Zanzibar provides a good case study for malaria elimination. The islands have experienced a dramatic reduction in malaria burden since the introduction of effective vector control interventions and case management. Malaria prevalence has now been maintained below 1% for the past decade and the islands can feasibly aim for elimination.
Effective targeting and evaluation of interventions that protect against adult malaria vectors requires an understanding of how gaps in personal protection arise. An improved understanding of human and mosquito behaviour, and how they overlap in time and space, is critical to estimating the impact of insecticide-treated nets (ITNs) and determining when and where supplemental personal protection tools are needed. Methods for weighting estimates of human exposure to biting Anopheles mosquitoes according to where people spend their time were first developed over half a century ago. However, crude indoor and outdoor biting rates are still commonly interpreted as indicative of human-vector contact patterns without any adjustment for human behaviour or the personal protection effects of ITNs.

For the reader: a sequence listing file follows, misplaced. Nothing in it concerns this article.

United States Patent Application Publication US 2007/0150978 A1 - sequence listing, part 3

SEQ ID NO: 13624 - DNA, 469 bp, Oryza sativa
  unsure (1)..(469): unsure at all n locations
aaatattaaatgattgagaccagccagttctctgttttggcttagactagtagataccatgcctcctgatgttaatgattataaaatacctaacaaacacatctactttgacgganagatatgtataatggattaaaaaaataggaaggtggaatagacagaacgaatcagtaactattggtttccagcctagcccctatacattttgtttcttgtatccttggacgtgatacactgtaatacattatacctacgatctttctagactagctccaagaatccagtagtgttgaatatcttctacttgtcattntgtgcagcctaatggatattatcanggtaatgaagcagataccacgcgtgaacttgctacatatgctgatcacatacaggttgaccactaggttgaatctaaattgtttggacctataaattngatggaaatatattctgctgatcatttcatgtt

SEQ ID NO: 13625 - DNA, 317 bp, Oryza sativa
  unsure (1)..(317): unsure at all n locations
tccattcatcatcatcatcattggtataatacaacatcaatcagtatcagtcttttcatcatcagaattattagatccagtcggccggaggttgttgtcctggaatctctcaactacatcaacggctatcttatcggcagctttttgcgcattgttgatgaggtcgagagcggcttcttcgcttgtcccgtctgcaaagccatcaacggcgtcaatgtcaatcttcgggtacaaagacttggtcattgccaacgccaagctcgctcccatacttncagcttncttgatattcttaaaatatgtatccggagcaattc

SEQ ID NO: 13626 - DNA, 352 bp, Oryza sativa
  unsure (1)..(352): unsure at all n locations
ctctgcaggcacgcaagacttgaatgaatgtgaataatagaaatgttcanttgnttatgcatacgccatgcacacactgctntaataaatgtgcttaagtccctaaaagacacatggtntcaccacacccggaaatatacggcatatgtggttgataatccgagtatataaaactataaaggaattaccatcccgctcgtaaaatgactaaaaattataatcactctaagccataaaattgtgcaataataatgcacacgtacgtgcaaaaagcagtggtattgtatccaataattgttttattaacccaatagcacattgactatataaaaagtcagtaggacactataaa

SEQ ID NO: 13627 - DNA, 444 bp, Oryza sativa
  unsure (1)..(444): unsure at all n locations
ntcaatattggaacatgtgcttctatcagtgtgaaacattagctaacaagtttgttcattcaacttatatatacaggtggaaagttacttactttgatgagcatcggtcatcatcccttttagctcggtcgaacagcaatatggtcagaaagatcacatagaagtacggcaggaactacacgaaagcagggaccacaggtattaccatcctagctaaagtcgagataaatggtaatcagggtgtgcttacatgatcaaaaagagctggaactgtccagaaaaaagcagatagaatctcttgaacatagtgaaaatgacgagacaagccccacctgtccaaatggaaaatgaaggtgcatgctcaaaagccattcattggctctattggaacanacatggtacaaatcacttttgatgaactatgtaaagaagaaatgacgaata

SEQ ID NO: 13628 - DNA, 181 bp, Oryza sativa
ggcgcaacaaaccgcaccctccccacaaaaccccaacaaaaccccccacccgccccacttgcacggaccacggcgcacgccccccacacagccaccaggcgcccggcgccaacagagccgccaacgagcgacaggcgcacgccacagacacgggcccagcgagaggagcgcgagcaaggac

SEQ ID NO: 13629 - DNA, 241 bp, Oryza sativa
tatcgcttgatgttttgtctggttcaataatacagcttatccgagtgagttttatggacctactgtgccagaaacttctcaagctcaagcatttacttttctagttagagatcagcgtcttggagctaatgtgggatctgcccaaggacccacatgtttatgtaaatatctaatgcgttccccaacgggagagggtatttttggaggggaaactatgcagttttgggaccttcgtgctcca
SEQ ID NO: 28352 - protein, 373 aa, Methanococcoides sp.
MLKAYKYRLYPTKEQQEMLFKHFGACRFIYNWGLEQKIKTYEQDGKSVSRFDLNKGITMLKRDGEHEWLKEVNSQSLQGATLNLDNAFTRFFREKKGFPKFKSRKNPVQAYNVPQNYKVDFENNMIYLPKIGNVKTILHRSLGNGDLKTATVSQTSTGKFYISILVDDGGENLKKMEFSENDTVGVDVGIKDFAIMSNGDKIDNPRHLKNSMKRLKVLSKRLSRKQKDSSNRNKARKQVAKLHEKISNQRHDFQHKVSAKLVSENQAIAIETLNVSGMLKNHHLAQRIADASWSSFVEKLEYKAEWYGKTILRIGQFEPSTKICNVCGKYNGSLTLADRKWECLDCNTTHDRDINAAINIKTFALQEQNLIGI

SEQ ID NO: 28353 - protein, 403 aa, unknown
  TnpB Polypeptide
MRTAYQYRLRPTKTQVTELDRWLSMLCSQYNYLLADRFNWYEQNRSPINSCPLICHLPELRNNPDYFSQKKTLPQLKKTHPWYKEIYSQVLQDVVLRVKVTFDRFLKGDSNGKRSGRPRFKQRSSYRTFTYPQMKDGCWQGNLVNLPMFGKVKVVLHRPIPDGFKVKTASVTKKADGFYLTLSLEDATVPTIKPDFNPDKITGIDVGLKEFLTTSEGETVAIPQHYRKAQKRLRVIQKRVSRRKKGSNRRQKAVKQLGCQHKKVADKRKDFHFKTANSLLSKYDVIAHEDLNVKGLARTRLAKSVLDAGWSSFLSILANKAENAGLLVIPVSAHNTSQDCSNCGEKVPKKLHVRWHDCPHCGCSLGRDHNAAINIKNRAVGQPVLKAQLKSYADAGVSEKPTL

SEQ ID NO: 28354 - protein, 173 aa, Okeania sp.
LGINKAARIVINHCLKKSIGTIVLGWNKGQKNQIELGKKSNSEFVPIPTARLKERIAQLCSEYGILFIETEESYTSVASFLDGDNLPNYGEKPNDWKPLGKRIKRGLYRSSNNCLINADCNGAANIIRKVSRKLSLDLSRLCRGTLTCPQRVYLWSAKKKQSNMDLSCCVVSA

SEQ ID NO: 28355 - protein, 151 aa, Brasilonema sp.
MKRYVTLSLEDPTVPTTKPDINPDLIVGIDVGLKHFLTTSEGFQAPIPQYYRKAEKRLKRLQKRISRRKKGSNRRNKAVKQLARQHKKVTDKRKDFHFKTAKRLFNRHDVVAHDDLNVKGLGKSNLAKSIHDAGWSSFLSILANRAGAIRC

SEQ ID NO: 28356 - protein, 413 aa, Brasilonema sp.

Mosquito saliva elicits immune responses in humans following mosquito blood feeding. Detection of human antibodies recognizing the Anopheles gambiae salivary gland protein 6 (gSG6) or the gSG6-P1 peptide in residents of Africa, South America and Southeast Asia suggested the potential for these antibodies to serve as a universal marker to estimate human biting rates. Validating the utility of this approach requires concurrent comparisons of anopheline biting rates with antibodies to the gSG6 protein to determine the sensitivity and specificity of the assay for monitoring changes in vector populations. This study investigated whether seroprevalence of anti-gSG6 antibodies in humans reflected the relative exposure to Anopheles farauti bites in the Solomon Islands as estimated from sympatric human landing catches.